While much of the job market has been stagnant in recent years, the nonprofit sector has expanded. A recent study by Johns Hopkins University showed that nonprofit jobs expanded for the 10 years that positions in the general workforce shrunk, making the sector third largest employer behind retail and manufacturing. This data means a lot of things but, most of all, it means nonprofit human resources departments are busier than ever.
To keep up with the demand for nonprofit jobs, HR needs to run smoothly. There are many ways to get to that state and Lynne Toupin, in “Five Good Ideas,” offered her own path to efficiency. Toupin, an independent consultant who works with nonprofits to help them achieve measurable results, suggested HR managers take the following five steps to make the most of the enthusiasm and energy that nonprofit workers possess:
- Align skills, knowledge and interests with the jobs that need to be done. Many employees are passionate about the work they do and their organization’s mission. Combining that passion with skills and knowledge is a powerful way to achieve results and drive change.
- Pay competitive salaries and benefits. While the traditional charitable organization model decrees that most financial resources should be directed to the mission, you will never be able to attract the best employees if you don’t offer salaries and benefits that are in line with competing nonprofits.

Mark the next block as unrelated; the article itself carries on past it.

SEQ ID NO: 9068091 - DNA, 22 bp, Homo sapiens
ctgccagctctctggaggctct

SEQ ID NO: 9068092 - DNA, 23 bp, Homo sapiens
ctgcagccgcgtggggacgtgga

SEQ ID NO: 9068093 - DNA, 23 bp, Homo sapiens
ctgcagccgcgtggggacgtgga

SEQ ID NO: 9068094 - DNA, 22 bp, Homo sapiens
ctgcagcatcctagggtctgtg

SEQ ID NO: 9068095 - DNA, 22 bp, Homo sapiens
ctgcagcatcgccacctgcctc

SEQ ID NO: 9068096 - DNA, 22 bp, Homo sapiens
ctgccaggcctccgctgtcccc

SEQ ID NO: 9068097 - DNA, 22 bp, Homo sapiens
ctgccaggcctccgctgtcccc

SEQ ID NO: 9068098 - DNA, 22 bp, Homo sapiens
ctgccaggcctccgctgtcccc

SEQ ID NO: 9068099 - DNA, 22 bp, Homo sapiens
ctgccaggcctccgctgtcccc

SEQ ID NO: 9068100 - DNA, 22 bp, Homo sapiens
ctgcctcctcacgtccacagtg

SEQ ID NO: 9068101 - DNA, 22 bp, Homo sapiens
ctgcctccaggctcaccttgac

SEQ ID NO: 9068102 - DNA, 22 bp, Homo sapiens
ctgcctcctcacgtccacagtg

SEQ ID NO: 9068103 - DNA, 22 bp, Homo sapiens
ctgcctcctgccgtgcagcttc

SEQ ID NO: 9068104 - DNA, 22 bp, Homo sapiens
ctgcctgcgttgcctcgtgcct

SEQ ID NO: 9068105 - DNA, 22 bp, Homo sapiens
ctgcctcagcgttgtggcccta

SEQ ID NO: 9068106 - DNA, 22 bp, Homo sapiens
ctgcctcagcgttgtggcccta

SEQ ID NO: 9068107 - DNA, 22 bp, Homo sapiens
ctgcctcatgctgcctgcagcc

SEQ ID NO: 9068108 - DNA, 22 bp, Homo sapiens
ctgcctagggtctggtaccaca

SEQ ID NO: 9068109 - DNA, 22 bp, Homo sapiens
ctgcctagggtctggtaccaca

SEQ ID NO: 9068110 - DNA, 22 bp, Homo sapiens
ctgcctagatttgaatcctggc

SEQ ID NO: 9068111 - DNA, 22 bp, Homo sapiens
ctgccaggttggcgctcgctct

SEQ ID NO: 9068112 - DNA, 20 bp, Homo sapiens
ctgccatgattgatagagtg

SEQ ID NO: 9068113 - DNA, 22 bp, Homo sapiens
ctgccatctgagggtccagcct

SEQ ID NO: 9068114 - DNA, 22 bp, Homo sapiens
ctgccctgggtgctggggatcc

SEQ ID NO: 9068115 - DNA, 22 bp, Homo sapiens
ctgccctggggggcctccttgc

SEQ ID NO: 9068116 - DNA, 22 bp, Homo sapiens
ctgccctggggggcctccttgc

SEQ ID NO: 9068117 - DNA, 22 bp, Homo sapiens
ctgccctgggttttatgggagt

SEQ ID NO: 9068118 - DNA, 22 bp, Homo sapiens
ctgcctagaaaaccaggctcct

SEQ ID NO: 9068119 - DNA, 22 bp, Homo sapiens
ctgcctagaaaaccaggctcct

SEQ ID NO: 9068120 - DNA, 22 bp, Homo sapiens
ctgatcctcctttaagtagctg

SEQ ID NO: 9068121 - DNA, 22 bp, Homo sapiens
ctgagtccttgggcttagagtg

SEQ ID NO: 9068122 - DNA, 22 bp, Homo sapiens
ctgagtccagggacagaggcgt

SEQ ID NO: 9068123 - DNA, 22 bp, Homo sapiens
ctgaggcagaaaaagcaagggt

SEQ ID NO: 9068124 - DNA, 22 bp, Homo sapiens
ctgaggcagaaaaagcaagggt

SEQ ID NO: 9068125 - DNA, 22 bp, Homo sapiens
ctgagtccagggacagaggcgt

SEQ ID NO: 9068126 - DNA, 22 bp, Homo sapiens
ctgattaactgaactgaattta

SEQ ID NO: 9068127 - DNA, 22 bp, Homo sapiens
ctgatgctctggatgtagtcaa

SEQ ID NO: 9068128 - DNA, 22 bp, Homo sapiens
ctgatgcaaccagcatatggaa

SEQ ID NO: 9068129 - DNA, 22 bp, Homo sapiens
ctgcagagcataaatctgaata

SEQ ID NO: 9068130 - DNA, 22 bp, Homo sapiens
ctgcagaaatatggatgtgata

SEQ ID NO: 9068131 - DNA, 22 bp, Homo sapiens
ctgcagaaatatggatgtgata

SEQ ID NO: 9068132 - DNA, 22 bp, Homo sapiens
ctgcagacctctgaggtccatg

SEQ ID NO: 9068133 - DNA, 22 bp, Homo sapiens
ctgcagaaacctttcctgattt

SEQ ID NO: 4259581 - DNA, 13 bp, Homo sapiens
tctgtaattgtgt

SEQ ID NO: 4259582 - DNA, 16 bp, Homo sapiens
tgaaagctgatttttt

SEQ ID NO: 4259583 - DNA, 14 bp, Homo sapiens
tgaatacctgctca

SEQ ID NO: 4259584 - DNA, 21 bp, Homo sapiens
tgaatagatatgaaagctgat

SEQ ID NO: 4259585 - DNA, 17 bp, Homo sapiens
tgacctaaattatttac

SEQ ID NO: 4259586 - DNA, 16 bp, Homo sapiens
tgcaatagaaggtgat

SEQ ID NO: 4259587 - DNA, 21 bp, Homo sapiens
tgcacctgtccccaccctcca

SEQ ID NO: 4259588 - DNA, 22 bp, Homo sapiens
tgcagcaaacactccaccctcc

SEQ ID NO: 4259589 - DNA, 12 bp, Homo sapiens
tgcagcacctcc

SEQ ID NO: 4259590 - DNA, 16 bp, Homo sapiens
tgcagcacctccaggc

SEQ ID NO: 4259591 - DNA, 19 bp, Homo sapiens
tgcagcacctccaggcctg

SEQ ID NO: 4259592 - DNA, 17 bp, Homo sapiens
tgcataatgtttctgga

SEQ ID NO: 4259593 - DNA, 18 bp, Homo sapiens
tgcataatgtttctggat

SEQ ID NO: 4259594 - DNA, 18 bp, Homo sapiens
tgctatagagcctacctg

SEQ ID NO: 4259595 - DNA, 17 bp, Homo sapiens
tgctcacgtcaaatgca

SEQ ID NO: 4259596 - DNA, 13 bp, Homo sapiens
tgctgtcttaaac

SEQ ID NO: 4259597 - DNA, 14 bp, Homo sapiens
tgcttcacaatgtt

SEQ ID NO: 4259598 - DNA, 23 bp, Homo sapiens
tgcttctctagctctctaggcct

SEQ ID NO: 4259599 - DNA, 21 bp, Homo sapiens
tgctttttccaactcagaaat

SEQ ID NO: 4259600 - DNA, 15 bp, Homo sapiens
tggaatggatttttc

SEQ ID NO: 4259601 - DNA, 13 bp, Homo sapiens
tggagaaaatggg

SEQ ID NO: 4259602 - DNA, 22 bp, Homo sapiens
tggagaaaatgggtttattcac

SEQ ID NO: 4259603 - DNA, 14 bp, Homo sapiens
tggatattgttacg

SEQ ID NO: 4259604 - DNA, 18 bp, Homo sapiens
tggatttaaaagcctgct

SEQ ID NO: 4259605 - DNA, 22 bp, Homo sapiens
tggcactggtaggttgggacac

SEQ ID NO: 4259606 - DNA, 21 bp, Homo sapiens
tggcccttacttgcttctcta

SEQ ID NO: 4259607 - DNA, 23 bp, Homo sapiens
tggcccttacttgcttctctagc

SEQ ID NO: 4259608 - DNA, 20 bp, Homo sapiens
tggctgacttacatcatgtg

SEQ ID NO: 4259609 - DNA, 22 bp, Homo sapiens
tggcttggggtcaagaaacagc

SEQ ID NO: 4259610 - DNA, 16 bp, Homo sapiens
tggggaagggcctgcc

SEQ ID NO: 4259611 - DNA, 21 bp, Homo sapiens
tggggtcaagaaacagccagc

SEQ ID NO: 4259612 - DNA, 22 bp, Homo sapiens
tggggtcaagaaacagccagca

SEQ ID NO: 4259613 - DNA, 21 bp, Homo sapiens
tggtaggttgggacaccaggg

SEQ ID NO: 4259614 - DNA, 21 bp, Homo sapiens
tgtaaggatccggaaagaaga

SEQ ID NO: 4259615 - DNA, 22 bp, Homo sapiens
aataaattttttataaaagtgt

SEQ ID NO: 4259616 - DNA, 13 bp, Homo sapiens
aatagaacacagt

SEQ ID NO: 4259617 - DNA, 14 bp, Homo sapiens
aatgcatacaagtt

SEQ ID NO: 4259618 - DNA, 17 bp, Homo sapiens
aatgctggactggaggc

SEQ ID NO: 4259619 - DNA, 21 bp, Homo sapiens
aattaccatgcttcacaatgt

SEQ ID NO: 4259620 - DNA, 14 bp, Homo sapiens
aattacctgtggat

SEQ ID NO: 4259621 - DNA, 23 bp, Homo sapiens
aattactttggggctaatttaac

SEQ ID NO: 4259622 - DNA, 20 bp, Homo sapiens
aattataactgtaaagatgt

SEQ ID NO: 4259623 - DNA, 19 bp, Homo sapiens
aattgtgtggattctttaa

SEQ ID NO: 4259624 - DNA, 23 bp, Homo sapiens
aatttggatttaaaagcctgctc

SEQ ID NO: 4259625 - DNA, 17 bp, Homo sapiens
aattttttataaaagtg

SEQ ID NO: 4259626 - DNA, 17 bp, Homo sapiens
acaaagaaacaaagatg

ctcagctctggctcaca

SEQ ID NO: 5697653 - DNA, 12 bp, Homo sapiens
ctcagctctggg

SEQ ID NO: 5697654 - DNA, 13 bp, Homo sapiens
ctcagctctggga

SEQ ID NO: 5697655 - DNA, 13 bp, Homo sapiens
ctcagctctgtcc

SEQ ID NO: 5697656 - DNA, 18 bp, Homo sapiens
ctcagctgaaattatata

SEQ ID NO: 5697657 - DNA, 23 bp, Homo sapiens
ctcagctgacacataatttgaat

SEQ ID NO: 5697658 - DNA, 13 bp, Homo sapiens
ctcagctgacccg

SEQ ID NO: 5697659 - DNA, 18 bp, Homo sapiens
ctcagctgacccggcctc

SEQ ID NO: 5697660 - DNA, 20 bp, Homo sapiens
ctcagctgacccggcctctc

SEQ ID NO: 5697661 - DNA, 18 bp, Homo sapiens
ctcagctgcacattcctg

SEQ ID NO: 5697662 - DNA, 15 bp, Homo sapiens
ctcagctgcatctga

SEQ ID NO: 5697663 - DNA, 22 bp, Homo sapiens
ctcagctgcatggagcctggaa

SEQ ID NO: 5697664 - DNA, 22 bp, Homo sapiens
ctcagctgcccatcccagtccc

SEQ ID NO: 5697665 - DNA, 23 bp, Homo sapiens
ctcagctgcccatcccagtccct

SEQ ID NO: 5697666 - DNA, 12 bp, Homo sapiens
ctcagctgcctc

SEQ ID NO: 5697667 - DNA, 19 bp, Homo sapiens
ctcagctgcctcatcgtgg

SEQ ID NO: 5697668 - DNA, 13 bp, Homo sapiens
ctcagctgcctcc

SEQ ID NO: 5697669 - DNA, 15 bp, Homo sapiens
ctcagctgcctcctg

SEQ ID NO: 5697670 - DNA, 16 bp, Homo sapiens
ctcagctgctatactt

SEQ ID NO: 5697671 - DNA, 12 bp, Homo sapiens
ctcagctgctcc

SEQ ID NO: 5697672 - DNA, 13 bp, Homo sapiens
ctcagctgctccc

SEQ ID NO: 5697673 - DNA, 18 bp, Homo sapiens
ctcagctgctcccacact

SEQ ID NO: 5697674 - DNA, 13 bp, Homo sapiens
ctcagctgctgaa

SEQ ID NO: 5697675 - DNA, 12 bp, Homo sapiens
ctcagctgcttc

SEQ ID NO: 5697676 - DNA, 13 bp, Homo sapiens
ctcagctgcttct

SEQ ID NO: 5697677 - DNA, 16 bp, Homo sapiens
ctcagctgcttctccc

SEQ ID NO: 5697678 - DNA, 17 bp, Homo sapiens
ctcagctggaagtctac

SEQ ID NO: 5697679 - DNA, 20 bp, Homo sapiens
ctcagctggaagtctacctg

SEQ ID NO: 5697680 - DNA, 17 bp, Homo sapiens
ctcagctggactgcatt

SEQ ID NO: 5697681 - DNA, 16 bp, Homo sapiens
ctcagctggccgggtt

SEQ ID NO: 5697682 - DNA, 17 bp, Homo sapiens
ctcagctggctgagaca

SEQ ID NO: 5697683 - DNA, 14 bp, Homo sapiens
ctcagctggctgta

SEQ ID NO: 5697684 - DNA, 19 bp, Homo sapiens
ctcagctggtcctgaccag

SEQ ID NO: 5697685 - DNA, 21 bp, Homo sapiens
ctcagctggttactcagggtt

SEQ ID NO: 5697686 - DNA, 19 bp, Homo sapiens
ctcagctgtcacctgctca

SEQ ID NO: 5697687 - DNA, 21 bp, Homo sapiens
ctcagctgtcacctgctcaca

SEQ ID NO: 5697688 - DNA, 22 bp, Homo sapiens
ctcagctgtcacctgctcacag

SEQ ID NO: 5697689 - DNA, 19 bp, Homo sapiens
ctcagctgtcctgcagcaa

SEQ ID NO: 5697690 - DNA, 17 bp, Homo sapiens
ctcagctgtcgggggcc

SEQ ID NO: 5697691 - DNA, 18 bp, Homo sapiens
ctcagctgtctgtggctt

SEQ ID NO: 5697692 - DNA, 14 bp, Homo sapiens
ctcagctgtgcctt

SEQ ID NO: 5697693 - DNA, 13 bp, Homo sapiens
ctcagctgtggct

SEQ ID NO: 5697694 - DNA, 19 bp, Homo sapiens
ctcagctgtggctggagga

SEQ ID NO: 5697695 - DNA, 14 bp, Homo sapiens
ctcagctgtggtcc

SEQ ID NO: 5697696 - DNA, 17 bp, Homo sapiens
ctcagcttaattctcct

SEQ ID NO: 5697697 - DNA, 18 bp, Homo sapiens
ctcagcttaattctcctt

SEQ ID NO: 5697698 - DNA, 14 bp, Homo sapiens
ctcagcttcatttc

- Plan for succession. One option for succession planning is to broaden the pool of candidates. Instead of considering the talent available within one organization only, why not consider employees from across a cluster of organizations in a given geographic area?
- Develop and sustain a culture of ongoing learning. People who work in the charitable sector want to learn with their peers and have opportunities to expand their knowledge of best practices. Every workplace, however small, must reflect on the learning opportunities it can provide its employees.
- Integrate your human resources, both paid and unpaid. Integrating paid and unpaid resources in the workplace takes thoughtful planning and preparation. It can mean ceding some decision-making to volunteers, adapting work schedules around their time, and having more detailed expectations of them.